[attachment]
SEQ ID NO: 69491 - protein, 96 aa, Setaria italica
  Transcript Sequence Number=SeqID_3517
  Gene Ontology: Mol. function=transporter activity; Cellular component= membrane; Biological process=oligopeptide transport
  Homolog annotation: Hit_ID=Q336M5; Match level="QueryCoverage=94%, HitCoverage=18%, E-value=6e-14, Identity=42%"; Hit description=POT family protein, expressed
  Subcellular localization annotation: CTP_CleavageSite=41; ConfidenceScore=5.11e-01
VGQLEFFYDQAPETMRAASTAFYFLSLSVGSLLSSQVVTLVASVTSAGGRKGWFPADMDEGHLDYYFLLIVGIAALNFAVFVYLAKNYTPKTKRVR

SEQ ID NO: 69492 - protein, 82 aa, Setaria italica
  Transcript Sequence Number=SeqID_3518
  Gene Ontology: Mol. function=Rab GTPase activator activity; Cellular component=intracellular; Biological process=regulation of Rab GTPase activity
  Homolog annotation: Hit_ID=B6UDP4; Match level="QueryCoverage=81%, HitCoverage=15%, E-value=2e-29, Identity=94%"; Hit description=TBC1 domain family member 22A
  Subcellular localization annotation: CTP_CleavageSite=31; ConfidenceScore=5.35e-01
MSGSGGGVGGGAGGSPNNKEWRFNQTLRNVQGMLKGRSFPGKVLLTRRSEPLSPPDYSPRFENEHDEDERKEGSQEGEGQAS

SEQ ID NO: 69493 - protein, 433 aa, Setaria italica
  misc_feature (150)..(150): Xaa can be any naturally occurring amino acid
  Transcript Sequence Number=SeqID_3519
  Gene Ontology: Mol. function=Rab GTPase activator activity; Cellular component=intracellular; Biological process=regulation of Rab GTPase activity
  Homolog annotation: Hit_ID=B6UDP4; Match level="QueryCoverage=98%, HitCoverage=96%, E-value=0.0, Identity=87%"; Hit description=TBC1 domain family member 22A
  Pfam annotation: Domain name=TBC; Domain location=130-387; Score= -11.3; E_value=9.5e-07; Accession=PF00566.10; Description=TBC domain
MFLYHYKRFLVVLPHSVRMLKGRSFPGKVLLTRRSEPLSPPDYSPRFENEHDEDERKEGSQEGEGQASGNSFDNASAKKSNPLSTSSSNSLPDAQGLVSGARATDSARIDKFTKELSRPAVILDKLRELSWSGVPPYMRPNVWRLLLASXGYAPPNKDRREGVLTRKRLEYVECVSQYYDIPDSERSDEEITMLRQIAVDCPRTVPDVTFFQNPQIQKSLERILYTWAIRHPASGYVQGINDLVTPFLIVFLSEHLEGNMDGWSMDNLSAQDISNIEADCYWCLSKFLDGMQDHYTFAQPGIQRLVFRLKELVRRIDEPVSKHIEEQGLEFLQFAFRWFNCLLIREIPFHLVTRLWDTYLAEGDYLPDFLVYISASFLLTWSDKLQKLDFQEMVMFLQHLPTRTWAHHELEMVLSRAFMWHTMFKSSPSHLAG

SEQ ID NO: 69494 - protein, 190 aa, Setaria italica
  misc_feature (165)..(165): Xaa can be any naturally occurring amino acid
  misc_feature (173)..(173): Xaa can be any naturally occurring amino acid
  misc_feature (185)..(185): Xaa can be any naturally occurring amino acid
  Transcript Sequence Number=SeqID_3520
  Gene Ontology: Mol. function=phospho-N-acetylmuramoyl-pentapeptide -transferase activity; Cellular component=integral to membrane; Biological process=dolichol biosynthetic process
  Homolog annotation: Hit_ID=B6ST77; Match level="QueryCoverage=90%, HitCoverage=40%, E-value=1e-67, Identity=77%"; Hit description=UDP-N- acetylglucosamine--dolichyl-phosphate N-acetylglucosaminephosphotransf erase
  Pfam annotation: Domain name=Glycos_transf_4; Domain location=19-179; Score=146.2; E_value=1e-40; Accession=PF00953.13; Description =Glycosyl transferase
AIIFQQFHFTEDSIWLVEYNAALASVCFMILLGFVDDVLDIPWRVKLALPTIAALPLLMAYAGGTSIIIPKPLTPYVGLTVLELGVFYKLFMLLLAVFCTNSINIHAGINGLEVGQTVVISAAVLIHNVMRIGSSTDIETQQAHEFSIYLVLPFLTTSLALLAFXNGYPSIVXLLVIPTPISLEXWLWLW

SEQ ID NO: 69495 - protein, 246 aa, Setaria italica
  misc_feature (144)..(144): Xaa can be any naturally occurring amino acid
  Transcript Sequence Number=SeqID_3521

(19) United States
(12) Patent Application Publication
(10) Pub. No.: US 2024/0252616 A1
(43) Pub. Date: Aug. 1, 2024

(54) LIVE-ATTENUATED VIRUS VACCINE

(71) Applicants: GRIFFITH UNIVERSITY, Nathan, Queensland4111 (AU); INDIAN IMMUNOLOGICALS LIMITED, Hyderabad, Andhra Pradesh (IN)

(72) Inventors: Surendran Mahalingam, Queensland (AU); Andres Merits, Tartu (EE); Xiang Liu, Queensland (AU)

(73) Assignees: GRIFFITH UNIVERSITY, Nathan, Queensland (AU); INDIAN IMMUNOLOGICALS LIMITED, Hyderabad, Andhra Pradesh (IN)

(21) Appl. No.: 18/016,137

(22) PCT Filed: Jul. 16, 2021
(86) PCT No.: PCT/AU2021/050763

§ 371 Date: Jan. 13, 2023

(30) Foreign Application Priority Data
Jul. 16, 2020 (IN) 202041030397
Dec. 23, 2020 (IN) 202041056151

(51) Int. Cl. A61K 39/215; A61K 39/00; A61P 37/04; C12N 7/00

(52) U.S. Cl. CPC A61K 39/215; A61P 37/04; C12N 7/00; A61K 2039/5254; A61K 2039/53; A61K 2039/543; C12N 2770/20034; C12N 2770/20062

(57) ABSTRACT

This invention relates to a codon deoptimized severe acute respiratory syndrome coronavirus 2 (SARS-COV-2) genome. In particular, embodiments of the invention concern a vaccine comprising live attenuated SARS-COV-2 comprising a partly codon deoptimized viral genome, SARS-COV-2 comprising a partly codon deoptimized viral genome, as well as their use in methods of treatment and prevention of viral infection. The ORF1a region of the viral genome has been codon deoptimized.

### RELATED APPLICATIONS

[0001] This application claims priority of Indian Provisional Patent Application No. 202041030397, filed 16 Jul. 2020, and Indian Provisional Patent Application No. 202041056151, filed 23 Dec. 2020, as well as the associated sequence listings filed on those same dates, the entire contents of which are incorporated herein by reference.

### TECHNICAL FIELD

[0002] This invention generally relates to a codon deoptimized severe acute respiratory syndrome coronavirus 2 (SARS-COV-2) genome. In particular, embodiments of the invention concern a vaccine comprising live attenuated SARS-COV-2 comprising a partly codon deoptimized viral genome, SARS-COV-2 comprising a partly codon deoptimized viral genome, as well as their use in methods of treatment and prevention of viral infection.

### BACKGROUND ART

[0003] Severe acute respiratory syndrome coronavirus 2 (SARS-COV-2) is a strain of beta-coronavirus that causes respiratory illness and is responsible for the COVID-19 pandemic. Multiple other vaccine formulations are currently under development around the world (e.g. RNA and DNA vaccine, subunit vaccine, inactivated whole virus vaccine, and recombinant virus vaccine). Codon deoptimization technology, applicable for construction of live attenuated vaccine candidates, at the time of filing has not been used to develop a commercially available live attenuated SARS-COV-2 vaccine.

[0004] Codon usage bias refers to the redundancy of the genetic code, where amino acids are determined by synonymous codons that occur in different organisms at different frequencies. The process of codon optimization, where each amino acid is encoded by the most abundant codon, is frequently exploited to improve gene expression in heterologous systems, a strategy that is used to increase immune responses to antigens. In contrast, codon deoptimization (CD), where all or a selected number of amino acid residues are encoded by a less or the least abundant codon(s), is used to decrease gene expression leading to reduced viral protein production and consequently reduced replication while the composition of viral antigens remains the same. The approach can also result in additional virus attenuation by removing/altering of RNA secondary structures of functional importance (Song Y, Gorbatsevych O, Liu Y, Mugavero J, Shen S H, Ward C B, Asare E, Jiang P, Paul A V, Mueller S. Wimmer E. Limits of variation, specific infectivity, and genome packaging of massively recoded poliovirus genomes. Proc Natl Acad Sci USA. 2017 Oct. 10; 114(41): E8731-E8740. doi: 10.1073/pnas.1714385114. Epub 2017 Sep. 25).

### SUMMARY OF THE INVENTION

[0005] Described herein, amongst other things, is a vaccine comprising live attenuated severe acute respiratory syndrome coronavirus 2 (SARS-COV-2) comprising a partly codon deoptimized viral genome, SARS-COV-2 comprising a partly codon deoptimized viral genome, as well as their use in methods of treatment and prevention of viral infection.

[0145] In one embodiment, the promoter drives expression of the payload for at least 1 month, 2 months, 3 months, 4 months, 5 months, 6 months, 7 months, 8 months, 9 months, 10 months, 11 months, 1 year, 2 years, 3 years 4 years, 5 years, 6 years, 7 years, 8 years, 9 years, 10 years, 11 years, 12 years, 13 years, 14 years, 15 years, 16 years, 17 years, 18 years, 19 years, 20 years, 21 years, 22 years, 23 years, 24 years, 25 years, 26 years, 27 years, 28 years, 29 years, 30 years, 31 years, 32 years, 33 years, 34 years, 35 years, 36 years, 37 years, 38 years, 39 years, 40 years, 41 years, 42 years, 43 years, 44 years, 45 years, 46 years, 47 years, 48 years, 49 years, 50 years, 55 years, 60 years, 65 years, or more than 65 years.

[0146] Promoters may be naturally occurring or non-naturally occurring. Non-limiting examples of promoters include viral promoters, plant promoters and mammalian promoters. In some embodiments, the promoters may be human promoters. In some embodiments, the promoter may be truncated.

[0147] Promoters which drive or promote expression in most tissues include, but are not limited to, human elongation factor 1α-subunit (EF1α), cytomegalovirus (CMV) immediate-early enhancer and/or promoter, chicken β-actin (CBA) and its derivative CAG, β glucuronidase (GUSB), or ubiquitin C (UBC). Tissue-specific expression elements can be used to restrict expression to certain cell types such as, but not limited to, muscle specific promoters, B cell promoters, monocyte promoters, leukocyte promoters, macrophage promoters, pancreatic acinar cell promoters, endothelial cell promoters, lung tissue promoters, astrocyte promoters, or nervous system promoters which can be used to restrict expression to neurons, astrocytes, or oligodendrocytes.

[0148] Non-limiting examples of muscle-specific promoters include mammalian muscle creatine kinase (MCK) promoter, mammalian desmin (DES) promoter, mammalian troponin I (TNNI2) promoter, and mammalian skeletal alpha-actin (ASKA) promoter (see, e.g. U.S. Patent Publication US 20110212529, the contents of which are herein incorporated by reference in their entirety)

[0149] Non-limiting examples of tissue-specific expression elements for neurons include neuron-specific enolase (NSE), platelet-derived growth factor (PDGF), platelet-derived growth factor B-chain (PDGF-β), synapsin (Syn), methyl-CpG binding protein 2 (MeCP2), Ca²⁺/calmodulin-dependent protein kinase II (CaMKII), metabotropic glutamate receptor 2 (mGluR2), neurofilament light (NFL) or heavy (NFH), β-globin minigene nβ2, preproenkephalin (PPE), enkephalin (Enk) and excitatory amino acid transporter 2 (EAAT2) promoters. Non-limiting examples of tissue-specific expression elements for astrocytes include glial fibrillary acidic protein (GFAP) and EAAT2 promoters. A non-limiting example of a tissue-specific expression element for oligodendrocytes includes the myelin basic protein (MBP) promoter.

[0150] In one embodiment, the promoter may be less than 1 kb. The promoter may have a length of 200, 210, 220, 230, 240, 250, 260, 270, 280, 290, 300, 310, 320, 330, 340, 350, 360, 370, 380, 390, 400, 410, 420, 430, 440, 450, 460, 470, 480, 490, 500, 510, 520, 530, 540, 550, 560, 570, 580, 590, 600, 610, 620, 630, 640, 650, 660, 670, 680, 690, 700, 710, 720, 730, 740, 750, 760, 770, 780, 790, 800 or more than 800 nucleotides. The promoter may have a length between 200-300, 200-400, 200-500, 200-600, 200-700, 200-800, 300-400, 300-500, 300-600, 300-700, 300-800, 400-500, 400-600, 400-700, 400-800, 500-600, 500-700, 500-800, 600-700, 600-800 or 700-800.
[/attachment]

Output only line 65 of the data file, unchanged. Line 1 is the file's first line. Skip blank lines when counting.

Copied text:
[0150] In one embodiment, the promoter may be less than 1 kb. The promoter may have a length of 200, 210, 220, 230, 240, 250, 260, 270, 280, 290, 300, 310, 320, 330, 340, 350, 360, 370, 380, 390, 400, 410, 420, 430, 440, 450, 460, 470, 480, 490, 500, 510, 520, 530, 540, 550, 560, 570, 580, 590, 600, 610, 620, 630, 640, 650, 660, 670, 680, 690, 700, 710, 720, 730, 740, 750, 760, 770, 780, 790, 800 or more than 800 nucleotides. The promoter may have a length between 200-300, 200-400, 200-500, 200-600, 200-700, 200-800, 300-400, 300-500, 300-600, 300-700, 300-800, 400-500, 400-600, 400-700, 400-800, 500-600, 500-700, 500-800, 600-700, 600-800 or 700-800.